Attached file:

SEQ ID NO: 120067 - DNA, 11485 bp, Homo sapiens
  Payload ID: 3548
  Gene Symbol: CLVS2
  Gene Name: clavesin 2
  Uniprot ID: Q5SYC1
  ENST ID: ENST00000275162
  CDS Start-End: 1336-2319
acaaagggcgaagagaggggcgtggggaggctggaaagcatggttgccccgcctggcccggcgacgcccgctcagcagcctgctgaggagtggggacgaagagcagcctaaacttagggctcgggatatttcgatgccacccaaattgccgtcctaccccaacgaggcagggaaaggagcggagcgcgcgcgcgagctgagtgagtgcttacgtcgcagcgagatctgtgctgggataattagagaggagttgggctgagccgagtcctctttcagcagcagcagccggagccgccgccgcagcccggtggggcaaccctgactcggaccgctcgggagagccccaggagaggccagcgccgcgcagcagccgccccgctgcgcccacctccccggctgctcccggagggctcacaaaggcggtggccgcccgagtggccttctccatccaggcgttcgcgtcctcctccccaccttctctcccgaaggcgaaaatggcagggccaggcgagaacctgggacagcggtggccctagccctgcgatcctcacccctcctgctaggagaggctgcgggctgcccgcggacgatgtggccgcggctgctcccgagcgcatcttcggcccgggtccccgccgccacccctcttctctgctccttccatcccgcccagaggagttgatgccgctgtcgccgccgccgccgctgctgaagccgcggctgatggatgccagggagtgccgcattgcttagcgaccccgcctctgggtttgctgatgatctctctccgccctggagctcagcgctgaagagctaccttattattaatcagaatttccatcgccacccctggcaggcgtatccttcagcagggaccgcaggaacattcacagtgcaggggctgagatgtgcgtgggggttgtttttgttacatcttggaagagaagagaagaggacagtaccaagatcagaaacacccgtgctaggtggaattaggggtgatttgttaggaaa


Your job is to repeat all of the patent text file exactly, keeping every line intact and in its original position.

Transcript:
SEQ ID NO: 120067 - DNA, 11485 bp, Homo sapiens
  Payload ID: 3548
  Gene Symbol: CLVS2
  Gene Name: clavesin 2
  Uniprot ID: Q5SYC1
  ENST ID: ENST00000275162
  CDS Start-End: 1336-2319
acaaagggcgaagagaggggcgtggggaggctggaaagcatggttgccccgcctggcccggcgacgcccgctcagcagcctgctgaggagtggggacgaagagcagcctaaacttagggctcgggatatttcgatgccacccaaattgccgtcctaccccaacgaggcagggaaaggagcggagcgcgcgcgcgagctgagtgagtgcttacgtcgcagcgagatctgtgctgggataattagagaggagttgggctgagccgagtcctctttcagcagcagcagccggagccgccgccgcagcccggtggggcaaccctgactcggaccgctcgggagagccccaggagaggccagcgccgcgcagcagccgccccgctgcgcccacctccccggctgctcccggagggctcacaaaggcggtggccgcccgagtggccttctccatccaggcgttcgcgtcctcctccccaccttctctcccgaaggcgaaaatggcagggccaggcgagaacctgggacagcggtggccctagccctgcgatcctcacccctcctgctaggagaggctgcgggctgcccgcggacgatgtggccgcggctgctcccgagcgcatcttcggcccgggtccccgccgccacccctcttctctgctccttccatcccgcccagaggagttgatgccgctgtcgccgccgccgccgctgctgaagccgcggctgatggatgccagggagtgccgcattgcttagcgaccccgcctctgggtttgctgatgatctctctccgccctggagctcagcgctgaagagctaccttattattaatcagaatttccatcgccacccctggcaggcgtatccttcagcagggaccgcaggaacattcacagtgcaggggctgagatgtgcgtgggggttgtttttgttacatcttggaagagaagagaagaggacagtaccaagatcagaaacacccgtgctaggtggaattaggggtgatttgttaggaaa